Military Hybrids Stall


For a long time, now, the Pentagon has been looking to land diesel-electric hybrid vehicles to improve fuel economy, reduce logistics and allow power export. But after a decade of research and development, military hybrids are still years away from production, as I describe in detail in the current National Defense Magazine:p30_TechnologyLimitations.jpg

Right now, we do not have a current hybrid program that targets fielding, says Gus Khalil, team leader of hybrid-electric research at the Armys Tank Automotive Research, Development and Engineering Center, or TARDEC.TARDEC, a division of the Research, Development and Engineering Command, in Warren, Mich., is the militarys main research center for vehicle technologies.Khalil and other TARDEC engineers have been developing hybrid-electric engines and testing vehicle demonstrators since 1992.Across the Defense Department, there are around 30 hybrid-electric demonstrator vehicles in some form of testing. These demonstrators range from hybrid models of existing vehicles, such as Humvees, M-113 armored personnel carriers and M-2 Bradley infantry fighting systems, to new designs such as the Marine Corps reconnaissance, surveillance and targeting vehicle, or RST-V.Some of these demonstrators are more promising than others. Some even offer new niche capabilities. But all have failed to achieve the combination of performance, toughness, price and utility that the military demands of its vehicles.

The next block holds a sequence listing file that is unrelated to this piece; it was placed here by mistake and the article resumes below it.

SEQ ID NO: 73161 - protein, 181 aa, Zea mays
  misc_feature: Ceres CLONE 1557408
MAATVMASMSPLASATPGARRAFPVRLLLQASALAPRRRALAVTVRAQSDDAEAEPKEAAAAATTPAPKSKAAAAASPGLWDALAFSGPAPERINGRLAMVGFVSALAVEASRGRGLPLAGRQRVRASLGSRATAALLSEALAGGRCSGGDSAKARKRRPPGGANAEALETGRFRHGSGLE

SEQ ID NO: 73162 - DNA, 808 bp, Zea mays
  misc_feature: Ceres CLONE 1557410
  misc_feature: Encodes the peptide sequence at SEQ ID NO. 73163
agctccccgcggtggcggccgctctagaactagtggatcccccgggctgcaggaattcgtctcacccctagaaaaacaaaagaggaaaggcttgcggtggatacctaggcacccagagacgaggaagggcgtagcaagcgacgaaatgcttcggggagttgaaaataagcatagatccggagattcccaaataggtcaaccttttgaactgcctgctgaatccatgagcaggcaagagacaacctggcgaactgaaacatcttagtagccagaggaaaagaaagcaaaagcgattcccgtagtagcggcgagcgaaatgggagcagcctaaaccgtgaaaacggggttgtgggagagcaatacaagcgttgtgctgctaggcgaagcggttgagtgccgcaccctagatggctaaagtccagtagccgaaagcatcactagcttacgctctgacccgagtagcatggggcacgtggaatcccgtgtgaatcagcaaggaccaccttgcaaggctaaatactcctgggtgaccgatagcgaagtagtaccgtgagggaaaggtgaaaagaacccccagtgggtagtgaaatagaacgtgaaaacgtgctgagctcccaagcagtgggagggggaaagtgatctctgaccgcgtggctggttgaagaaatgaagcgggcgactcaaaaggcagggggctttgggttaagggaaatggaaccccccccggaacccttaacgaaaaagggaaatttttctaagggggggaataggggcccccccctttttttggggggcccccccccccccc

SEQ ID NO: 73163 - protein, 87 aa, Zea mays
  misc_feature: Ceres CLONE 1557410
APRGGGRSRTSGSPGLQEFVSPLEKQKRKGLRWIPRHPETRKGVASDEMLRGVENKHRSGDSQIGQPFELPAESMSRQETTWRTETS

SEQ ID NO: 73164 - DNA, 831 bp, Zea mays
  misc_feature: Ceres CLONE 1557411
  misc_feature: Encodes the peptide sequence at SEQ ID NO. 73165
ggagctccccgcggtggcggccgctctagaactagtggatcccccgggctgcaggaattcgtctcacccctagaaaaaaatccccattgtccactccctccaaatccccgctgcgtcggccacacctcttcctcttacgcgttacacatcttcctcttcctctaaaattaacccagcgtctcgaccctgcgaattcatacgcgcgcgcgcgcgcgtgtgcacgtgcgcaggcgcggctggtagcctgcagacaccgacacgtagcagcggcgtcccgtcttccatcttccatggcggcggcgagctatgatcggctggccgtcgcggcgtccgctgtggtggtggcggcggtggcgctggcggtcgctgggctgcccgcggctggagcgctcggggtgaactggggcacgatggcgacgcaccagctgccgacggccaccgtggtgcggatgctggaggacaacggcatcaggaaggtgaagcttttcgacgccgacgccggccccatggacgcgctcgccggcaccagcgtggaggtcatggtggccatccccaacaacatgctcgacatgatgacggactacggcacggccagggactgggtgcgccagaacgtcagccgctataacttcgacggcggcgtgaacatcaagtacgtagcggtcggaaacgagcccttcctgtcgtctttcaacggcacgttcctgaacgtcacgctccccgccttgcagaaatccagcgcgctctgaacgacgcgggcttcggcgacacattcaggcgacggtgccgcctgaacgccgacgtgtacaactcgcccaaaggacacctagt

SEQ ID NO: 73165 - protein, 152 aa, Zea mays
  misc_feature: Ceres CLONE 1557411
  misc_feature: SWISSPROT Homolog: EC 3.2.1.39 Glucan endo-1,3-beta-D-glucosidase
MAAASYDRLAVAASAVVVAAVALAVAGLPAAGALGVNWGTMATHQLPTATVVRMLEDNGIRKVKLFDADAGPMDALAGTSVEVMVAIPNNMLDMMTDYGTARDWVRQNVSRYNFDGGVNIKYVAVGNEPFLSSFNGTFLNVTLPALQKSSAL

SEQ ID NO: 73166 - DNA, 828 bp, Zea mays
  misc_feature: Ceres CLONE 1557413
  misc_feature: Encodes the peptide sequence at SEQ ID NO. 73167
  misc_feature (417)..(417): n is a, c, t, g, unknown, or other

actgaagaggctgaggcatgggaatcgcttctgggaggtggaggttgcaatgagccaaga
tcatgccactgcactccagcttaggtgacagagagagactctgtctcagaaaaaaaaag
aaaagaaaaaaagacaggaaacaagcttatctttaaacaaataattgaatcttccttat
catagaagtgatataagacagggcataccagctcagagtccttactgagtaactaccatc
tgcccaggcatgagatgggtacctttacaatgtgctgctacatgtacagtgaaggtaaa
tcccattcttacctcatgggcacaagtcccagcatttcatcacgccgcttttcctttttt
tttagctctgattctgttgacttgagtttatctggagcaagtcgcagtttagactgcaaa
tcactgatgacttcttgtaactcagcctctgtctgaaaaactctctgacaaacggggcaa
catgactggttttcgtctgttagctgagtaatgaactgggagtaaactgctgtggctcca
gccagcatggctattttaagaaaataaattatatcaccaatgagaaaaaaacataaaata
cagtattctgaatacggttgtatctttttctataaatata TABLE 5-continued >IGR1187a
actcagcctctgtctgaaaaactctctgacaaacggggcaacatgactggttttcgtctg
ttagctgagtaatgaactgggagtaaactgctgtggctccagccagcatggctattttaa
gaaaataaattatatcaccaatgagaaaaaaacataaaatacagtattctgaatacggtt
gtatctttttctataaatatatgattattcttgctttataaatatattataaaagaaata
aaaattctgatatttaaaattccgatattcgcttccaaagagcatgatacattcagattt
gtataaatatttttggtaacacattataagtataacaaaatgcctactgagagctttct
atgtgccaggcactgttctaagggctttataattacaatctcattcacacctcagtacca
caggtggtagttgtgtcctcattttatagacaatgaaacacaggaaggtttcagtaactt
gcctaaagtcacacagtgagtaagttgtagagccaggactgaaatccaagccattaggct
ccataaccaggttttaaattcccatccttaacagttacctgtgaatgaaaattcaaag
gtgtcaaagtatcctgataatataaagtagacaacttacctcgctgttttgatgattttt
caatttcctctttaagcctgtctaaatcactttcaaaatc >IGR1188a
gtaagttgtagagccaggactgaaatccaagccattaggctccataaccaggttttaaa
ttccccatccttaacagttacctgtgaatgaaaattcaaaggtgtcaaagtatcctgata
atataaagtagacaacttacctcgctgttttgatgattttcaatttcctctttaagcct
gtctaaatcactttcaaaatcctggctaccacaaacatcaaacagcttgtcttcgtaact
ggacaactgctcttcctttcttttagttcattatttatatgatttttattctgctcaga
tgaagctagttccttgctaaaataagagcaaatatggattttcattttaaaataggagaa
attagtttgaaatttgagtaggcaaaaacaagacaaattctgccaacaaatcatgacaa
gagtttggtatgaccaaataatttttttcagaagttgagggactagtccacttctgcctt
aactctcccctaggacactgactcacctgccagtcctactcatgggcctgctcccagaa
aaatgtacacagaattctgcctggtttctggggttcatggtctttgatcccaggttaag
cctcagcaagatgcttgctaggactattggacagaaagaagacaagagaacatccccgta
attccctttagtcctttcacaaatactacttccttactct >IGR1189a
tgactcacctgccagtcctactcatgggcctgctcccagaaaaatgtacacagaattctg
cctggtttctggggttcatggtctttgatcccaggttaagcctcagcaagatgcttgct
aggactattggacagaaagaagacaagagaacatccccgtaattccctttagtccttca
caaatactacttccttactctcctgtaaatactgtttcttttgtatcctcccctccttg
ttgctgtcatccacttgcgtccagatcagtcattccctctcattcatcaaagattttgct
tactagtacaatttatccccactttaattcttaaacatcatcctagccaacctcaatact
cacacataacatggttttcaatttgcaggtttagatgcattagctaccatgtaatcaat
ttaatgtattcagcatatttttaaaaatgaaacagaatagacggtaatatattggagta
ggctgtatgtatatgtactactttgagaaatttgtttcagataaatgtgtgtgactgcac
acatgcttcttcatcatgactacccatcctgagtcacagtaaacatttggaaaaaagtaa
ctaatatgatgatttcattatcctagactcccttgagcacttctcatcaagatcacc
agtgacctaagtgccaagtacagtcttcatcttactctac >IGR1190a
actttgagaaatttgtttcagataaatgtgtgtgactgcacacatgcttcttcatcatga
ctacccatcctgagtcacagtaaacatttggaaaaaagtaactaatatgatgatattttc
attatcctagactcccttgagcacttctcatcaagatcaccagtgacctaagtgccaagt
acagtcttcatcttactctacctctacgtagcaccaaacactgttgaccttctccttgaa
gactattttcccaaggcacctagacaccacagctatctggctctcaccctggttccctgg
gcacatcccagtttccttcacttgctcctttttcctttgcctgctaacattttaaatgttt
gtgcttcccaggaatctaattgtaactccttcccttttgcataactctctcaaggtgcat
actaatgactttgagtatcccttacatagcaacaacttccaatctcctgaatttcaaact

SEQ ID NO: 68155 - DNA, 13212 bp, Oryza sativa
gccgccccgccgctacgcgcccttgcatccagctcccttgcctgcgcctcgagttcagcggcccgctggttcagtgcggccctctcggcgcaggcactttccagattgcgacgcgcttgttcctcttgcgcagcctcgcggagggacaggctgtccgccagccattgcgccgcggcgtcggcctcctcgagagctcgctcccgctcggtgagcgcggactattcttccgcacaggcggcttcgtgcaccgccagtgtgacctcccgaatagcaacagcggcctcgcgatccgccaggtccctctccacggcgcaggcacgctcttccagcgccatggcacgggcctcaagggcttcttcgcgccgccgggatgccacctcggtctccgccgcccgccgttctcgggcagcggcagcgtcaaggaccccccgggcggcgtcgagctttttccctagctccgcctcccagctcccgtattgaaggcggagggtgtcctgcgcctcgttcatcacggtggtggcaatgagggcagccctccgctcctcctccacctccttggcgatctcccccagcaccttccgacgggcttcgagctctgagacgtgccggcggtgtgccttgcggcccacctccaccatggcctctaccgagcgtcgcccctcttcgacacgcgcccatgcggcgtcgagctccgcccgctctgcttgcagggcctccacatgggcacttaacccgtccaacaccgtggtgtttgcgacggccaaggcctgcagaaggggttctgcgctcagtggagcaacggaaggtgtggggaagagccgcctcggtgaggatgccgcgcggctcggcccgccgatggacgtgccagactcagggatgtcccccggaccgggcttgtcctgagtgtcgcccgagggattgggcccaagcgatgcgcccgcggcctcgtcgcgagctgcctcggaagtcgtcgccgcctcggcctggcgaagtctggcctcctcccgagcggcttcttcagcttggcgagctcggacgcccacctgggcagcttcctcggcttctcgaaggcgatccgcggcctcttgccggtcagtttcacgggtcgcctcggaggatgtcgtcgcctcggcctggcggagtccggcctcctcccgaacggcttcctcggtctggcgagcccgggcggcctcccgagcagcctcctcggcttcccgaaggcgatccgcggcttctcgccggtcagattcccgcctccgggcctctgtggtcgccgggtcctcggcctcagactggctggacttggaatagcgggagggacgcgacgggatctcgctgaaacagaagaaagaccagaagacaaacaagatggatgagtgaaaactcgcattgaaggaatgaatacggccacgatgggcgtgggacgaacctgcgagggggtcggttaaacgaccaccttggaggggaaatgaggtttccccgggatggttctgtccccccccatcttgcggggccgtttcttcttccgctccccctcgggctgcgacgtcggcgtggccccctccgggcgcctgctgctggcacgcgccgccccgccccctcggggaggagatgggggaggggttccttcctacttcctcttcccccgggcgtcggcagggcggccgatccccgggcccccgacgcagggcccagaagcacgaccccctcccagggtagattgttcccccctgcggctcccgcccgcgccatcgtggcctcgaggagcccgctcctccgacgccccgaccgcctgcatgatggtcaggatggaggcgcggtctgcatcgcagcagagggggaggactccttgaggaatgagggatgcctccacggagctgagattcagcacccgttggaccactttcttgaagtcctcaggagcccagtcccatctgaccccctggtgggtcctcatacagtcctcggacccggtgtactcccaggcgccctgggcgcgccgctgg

Motor Trend explains:
Though hybrid technology has been around for several years in passenger vehicles, adapting it for larger vehicles isn't as easy, [Oshkosh VP Gary] Schmiedel said. Military vehicles must often carry thousands of pounds of cargo -- 13 tons for the HEMTT -- and endure hills, little pavement and angles that few standard vehicles can handle. That all means engines and axles must be configured just so.
Even more daunting is the battery problem. National Defense editor Sandra Erwin reported on this as far back as 2001:
The Achilles heel of hybrid systems today, however, is the battery, [engineer William] Haris added. You need to have a source of energy to propel the electric motors. Traditionally that has been batteries. The most commonly used batteries today are lead-acid, which are the least expensive. But they also are heavier and less efficient than more advanced chemistry batteries.A more desirable alternative would be nickel-metal-hydride batteries, which have twice the energy density of lead-acid. Energy density is the amount of energy that can be stored per pound of material. In the long-term, experts are looking at lithium-ion batteries, which have four times the energy density of lead-acid.
Where there's a will, there's a way -- technical challenges notwithstanding. There are challenges, and there are issues, but they dont seem insurmountable, Khalil told me. If someone from a program office told us they wanted something in production in two years, we would have it into production.But despite the promise of a reduced logistics burdened resulting from great fuel efficiency, the military's enthusiasm for hybrids is cool. If not for their power export capability, the military might not be interested at all.The bottom line is ... the tech isn't ready, and the military isn't ready to make the tech ready. So be skeptical when some hack reports that military hybrids are just around the corner.-- David Axe
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